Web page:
Senate confirms Mulvaney

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New OMB director getting right to work

By Greg Summers

WASHINGTON – Mick Mulvaney was scheduled to be sworn in Thursday evening as White House budget director, putting him in the pivotal role as the Trump administration formulates its first spending plans.
The U.S. Senate confirmed the Indian Land Republican’s nomination on a 51-49 vote Thursday morning, and Gov. Henry McMaster accepted Mulvaney’s resignation from the U.S. House of Representatives just after noon.
A special election will now be held to fill the 5th District congressional seat, with a primary on  May 2, a party runoff if needed on May 16, and the general election on June 20. So far, six Republicans have announced they will campaign for the seat, but no Democrats.
After the confirmation vote, Sen. Tim Scott (R-S.C.) praised Trump’s selection.
“I can’t think of a better person than Mick to bring our country back to fiscal discipline,” Scott said. “He is an excellent leader and someone who has consistently represented conservative principles, especially when it comes to our budget.
“I am confident he will responsibly address our nation’s $20 trillion debt with the same passion he has shown in Congress and restore fiscal sanity here in Washington. I am excited to work with Mick in his new role.”
The Senate vote broke along party lines, with all Democrats voting against Mulvaney, as they have with most of Trump’s cabinet picks.
They opposed Mulvaney over concerns that his recommendations as White House budget chief might cut back on Medicare and Social Security. He has long advocated changing the two entitlement programs to keep them solvent.
Sen. John McCain of Arizona was the only GOP defector to vote against Mulvaney.
McCain issued a statement Wednesday that he would oppose the nomination due to Mulvaney’s record on military spending.
“This is about principle,” McCain said. “This is about my conviction as chairman of the Senate Armed Services Committee that providing for the common defense is our highest constitutional duty, and that rebuilding our military must be the No. 1 priority of the Congress and the White House.”
As director of the White House Office of Management and Budget, Mulvaney will have one of the most influential positions in the executive branch.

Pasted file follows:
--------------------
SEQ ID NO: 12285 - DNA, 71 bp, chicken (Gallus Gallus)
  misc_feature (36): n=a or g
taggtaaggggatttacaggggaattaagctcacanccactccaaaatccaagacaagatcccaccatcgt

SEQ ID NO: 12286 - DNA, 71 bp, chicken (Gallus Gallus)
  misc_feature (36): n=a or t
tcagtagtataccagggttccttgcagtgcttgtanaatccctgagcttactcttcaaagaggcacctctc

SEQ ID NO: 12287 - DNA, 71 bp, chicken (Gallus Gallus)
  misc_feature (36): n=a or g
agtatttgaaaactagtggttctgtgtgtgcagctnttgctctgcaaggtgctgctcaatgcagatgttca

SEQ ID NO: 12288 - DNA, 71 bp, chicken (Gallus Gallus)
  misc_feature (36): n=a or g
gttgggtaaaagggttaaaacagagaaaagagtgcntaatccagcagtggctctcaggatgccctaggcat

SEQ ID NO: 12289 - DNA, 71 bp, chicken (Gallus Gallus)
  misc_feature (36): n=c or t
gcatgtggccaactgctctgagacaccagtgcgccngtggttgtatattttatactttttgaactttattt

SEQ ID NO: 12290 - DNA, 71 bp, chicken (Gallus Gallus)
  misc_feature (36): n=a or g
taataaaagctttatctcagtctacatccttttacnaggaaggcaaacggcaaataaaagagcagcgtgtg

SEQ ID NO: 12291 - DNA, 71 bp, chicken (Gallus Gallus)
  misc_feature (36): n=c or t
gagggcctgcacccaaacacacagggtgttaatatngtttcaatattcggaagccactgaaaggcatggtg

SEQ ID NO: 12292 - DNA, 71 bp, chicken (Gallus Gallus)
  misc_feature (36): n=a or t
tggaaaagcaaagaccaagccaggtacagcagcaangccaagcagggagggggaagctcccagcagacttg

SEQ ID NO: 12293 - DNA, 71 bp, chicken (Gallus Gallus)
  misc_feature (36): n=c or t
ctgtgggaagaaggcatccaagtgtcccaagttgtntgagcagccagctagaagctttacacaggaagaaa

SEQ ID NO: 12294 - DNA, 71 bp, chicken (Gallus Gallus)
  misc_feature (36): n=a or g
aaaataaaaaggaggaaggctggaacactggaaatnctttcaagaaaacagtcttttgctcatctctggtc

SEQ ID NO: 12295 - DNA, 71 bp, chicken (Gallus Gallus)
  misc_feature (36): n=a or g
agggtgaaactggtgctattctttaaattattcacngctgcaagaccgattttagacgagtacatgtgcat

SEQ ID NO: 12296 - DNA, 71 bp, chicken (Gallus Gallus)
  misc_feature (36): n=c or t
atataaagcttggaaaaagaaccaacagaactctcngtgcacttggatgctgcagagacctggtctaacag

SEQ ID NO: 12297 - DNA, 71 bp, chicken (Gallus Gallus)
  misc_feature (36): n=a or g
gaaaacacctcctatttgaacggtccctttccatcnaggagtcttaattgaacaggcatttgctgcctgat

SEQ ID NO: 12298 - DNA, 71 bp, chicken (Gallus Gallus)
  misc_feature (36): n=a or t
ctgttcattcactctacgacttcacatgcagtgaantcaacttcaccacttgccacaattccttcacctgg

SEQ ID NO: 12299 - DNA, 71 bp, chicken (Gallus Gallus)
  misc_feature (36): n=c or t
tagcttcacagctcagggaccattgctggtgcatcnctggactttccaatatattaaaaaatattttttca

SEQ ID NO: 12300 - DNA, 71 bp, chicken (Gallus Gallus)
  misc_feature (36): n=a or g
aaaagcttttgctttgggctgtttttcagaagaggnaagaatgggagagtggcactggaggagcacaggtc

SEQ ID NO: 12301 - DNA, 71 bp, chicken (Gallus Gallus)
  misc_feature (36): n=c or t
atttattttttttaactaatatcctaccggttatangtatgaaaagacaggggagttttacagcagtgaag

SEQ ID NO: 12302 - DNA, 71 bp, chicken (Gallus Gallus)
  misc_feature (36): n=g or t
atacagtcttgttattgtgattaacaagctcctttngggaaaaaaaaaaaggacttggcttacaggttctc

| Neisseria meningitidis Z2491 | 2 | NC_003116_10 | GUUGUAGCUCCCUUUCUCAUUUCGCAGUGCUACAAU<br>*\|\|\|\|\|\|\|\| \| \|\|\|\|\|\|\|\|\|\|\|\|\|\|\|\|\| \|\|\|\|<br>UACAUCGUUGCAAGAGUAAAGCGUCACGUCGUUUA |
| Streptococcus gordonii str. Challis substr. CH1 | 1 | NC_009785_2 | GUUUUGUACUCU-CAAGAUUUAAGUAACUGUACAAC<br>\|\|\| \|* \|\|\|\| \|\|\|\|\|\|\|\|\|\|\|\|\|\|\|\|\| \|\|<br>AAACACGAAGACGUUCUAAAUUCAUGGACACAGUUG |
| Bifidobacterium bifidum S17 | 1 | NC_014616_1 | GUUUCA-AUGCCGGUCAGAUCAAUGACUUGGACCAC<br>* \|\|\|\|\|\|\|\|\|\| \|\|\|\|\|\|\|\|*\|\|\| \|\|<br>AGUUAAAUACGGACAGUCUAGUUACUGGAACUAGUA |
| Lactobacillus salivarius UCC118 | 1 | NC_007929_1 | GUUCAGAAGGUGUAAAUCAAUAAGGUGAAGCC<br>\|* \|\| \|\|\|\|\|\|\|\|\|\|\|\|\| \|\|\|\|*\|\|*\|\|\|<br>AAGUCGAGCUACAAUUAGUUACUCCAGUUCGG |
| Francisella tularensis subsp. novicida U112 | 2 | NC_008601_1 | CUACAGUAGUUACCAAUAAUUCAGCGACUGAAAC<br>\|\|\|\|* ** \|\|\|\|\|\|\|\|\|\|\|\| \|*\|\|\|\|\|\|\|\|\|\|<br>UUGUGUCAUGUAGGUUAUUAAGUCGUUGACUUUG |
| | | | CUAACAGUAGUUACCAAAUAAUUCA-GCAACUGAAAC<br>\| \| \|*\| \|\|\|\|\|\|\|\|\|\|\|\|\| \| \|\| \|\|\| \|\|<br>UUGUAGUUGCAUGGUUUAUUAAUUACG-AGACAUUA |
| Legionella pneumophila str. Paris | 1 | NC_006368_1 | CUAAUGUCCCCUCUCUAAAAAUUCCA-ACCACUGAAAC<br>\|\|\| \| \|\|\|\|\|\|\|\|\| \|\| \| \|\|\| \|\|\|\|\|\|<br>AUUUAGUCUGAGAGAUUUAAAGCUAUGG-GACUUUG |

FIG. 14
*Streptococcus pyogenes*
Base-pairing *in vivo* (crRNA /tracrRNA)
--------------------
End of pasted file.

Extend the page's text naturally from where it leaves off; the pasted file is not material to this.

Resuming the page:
He will oversee a staff of 500 that prepares the president’s budget and also oversees policy implementation at all executive-branch agencies. Mulvaney would be in a position to pursue his oft-stated priorities of slashing government spending and reducing the national debt.
Mulvaney expressed interest in the job of OMB director Oct. 19 while responding to a constituent’s question on Facebook about what position he’d like to have in a Trump administration.
“I would love to be the Director of OMB…,” Mulvaney responded. “That is where I think REAL improvements could be made in how the government is run.”
Mulvaney is the second S.C. politician appointed to a top job in the Trump administration. Gov. Nikki Haley is the president’s new United Nations ambassador.
Mulvaney was first elected to Congress in 2010, riding the Tea Party wave to defeat 14-term incumbent Democrat John Spratt.
Six Republican candidates have declared intentions to seek the state’s now-vacant 5th District congressional seat.
They include former state GOP Chairman Chad Connelly, state Reps. Tommy Pope and Ralph Norman of York County, State Guard commander Tom Mullikin of Camden, education activist Sheri Few of Lugoff and Indian Land attorney Kris Wampler. Norman resigned his S.C. House seat Thursday.
So far, no Democratic candidates have announced intentions to run.
The filing period for the seat is noon March 3 to noon March 13 and candidates must file at the state elections commission in Columbia.
Contact Greg Summers at (803) 283-1156.